Archive for the 'bankwatch' Category



More switching to credit unions

This month, when Sarah Vainer applied for a preapproved auto loan, U.S. Bank demanded a mortgage-like mound of paperwork, including copies of her current auto lease and past lease payments, and asked what type of car she’d buy.

“What’s the purpose of a preapproval?” Vainer recalls thinking at the time. “This is completely insane.”

She left and this week joined USAgencies Credit Union in Portland. An overreaction? Not when you consider the credit union has already preapproved Vainer for a loan. Or that the Vainers have great credit, which Sarah feels obligated to have, given her job: tax collector for the Internal Revenue Service.

Or that she once worked for U.S. Bank, where she helped manage a branch and took car-loan applications.

“It made me feel like some kind of delinquent,” she says of the bank’s inquiries.

This from Oregon Live, who reports that credit unions are growing thanks to a backlash against big banks and they way they treat their customers.

We say: welcome to a financial institution where the grass really is greener.

Big bank balance transfer rates going up

Bad news if you play the credit card balance transfer game, says MSN Money:

In July, JPMorgan Chase, the largest credit card issuer in the country, cited the new federal regulations when it sent letters to its customers informing them that the bank will increase its maximum balance transfer fee to 5% — the highest charged by any issuer. Subsequently, the company stopped including balance transfers in most of its new offers.

…Bank of America – the second-largest issuer – has increased its maximum balance transfer fee to 4%…The standard balance transfer fee had been about 3% – and some issuers also limited the total fee, often to less than $100, with caps.

From the research we’ve done, most big bank credit card issuers charge some sort of balance transfer rate on top of the regular rate for each transaction total.

American 1? We don’t charge any balance transfer fee.

WSJ: Banks roll out new fees

The Wall Street Journal reports that banks are finding inventive and creative ways to charge their customers more fees:

Credit-card companies already have been racing to slip new fees and practices into customer contracts ahead of the [Credit CARD Act]. Issuers are closing accounts, switching cards with fixed interest rates to variable rates and introducing cards that have an annual fee…The changes come against a backdrop of rising anger at the nation’s banks—having been largely supported by hundreds of billions of public bailout dollars in late 2008 and 2009.

This is mostly a result of the Credit CARD Act, passed and signed earlier this summer, which puts limits on bank credit card policies and puts a $50 billion hole in banks’ revenue.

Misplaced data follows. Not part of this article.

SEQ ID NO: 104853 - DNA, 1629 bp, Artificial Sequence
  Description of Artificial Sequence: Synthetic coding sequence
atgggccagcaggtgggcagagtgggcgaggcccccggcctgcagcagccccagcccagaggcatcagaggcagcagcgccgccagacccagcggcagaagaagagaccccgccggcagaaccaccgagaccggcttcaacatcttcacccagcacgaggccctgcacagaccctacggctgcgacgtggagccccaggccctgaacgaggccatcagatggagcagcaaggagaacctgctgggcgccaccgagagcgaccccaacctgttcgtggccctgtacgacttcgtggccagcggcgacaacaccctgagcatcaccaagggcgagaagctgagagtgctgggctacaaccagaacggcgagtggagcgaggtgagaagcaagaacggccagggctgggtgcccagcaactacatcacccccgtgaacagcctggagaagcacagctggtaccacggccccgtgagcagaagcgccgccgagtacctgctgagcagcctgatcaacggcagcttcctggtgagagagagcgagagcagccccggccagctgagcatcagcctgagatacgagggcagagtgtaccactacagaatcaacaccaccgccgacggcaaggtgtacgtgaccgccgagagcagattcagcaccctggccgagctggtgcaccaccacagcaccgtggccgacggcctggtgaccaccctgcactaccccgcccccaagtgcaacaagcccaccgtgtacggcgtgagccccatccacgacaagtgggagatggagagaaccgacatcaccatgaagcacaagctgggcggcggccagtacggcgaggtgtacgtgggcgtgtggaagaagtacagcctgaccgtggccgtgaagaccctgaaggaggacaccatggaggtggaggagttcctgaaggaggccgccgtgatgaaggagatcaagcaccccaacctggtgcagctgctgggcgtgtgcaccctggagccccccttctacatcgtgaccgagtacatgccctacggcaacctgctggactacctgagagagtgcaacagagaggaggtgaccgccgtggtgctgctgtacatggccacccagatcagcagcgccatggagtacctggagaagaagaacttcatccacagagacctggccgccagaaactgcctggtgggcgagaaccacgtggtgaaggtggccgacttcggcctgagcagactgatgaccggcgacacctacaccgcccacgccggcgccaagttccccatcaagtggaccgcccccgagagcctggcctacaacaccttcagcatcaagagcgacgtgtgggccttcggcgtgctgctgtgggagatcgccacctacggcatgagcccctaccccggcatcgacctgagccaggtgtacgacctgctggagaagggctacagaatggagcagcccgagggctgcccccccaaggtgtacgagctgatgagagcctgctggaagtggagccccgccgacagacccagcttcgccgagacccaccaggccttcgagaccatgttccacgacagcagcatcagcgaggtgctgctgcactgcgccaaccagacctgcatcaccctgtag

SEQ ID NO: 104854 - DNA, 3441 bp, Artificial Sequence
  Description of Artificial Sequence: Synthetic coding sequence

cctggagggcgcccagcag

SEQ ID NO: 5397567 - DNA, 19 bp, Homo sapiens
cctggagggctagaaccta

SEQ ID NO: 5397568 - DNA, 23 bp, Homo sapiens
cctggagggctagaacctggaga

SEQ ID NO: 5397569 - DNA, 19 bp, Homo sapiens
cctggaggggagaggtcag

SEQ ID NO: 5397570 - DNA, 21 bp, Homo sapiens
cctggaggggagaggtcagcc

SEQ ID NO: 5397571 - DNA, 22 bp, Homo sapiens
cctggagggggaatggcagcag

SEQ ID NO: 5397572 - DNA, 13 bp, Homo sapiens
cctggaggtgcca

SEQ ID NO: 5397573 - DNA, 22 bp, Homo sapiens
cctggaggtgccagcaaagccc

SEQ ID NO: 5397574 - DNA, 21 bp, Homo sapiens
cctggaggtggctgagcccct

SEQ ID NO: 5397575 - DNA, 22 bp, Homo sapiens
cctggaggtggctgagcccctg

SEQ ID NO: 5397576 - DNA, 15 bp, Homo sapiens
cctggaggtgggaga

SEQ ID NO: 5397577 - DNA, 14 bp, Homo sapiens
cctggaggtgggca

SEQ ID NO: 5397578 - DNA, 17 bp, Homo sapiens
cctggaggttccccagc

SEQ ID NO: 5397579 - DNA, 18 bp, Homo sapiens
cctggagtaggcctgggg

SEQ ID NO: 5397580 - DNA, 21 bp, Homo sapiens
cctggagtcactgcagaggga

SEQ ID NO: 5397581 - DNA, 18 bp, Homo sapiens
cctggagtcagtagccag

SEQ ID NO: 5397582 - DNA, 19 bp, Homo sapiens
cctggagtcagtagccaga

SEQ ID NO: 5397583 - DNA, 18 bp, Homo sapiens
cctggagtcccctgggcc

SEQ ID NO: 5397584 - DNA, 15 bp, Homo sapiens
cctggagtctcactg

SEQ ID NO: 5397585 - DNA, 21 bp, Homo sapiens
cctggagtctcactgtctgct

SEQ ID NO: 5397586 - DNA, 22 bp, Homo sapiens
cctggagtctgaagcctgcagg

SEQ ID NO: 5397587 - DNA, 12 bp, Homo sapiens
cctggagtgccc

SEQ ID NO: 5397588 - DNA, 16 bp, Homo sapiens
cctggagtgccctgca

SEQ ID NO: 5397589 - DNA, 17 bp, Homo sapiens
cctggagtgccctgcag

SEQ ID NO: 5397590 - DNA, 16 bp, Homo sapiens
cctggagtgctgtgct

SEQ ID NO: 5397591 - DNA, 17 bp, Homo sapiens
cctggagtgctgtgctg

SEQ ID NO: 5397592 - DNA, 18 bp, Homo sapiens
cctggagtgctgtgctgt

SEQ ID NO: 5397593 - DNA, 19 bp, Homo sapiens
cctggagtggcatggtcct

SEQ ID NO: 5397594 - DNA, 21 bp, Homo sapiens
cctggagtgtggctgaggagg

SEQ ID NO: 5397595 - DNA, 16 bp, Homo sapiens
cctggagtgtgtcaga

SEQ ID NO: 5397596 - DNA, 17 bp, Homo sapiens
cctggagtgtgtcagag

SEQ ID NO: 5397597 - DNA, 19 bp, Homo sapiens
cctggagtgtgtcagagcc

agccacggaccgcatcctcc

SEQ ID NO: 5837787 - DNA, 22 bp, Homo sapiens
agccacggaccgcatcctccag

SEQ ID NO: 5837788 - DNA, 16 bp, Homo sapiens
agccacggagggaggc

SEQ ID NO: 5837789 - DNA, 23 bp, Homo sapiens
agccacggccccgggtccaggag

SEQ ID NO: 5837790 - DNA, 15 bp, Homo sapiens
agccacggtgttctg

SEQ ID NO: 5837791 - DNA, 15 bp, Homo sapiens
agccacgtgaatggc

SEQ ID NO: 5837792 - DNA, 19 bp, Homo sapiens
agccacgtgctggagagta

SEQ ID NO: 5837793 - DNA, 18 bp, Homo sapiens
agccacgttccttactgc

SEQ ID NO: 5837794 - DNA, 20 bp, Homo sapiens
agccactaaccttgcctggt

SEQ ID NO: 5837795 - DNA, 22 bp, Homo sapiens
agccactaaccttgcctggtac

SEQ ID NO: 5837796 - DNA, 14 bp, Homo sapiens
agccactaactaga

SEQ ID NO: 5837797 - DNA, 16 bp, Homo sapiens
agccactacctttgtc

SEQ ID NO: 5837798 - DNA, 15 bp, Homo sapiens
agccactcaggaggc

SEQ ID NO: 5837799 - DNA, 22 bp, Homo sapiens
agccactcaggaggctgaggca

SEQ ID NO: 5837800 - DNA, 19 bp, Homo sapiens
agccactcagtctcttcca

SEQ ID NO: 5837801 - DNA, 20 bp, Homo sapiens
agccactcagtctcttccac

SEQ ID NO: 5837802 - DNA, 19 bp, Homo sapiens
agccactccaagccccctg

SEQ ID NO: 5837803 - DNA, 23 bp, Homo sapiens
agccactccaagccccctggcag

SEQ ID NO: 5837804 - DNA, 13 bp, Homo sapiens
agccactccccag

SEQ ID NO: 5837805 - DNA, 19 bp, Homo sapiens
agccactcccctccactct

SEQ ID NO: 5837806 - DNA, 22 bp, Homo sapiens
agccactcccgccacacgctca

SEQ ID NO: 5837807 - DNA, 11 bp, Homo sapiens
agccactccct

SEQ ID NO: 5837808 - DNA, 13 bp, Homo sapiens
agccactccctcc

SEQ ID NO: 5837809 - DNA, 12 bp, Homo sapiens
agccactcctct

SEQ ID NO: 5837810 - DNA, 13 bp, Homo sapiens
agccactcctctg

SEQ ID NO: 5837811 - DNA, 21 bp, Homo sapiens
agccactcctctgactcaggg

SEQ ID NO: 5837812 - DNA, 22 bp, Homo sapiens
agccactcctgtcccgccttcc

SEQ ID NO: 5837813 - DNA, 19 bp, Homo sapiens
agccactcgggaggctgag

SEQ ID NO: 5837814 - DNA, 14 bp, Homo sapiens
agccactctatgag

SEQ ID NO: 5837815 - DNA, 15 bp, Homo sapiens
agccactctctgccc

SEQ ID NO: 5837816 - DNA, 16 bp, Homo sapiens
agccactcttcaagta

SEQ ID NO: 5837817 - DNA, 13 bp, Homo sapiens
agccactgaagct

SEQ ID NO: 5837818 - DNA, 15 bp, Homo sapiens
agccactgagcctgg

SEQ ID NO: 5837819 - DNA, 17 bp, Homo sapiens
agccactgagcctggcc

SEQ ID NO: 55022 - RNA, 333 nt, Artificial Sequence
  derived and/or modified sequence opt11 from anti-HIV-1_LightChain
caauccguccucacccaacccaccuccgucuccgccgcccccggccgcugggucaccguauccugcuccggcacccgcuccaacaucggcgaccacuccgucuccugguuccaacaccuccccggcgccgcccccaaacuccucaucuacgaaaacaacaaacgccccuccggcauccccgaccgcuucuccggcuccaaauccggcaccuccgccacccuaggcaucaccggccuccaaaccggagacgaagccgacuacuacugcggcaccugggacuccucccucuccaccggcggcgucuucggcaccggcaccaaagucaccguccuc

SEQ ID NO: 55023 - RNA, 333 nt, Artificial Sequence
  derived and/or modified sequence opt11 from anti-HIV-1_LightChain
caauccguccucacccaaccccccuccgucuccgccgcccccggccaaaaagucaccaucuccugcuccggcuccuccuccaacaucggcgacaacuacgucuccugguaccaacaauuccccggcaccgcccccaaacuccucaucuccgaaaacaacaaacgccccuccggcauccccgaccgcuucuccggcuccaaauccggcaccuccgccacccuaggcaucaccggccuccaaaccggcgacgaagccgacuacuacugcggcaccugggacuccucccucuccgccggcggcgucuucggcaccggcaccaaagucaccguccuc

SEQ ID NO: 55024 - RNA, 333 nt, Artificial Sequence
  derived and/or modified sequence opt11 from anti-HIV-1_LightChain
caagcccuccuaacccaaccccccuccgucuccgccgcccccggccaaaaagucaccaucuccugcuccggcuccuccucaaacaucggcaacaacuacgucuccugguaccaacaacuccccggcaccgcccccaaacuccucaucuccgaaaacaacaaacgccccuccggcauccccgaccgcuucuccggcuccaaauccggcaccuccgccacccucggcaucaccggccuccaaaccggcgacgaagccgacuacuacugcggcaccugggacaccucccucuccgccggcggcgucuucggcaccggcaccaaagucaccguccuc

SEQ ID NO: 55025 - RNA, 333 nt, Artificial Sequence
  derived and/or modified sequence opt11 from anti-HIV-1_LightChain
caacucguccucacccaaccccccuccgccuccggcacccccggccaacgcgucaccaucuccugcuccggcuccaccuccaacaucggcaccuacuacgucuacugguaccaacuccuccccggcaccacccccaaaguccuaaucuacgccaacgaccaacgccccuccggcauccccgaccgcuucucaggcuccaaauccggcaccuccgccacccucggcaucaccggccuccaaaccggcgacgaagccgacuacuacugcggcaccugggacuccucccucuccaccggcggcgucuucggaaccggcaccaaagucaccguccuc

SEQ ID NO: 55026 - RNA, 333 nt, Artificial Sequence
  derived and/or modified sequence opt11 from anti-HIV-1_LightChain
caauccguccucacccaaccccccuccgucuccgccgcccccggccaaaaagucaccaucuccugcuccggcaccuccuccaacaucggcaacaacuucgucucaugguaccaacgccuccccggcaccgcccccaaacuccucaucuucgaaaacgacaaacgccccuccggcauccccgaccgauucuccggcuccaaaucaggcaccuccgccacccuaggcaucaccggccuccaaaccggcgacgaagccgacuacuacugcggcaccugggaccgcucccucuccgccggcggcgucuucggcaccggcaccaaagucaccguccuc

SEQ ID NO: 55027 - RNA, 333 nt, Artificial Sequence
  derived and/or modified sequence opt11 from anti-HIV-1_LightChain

Banks will attempt to fill that hole by charging new fees, or resurrecting long-neglected fees. So beware.

Exposed: debunking the Visa Black Card

Visa Black Card

Maybe you received one of those slick black envelopes in the mail, with an “Invitation Enclosed” message and promises of limited membership and benefits.

This is what the Visa Black Card, fresh from London, England, tries to sell you. But we’re here to tell you it’s not worth it.

We got our hands on one of these “exclusive” invitations thanks to an American 1 member. Put together in fancy packaging, the Visa Black Card mailing says it comes with limited availability, special “luxury” gifts, and a carbon – not plastic! – credit card that will make your dreams come true. It claims, as you can see above, to provide a yacht-club-style membership.

The reality is, when you dig into the details, this card could cost you. Big time.

Visa Black annual fee

First, there’s an annual fee. And it’s a whopper. Almost $500 every year you use this card. Maybe because it’s steered toward the luxury market, the folks at Black Card (actually, a British bank called Barclays which is no stranger to controversy) think a $500 annual fee is nothing.

We think it’s crazy.

Then there are the other fees. If you’re late on a payment, go over your credit limit, make a payment that is returned, or “do any of the above on another account” you have with the fine folks at Black Card – zoom, your rate jumps above 30%.

Those feelings of exclusivity? Hope it’s worth it.

There are other fees, like a cash advance fee, balance transfer fee, and a $2 minimum interest charge, that add up to luxury-style costs. With this card, you won’t feel luxurious for very long.

The Visa Black Card only appears to give you a limited lifestyle. Add it all up, and you need to be fabulously wealthy just to afford this card.

For more in-depth credit card research, visit our Top Secret Visa site, and catch a glimpse of our Visa philosophy at WeUnderstand.org.

Credit CARD Act roundup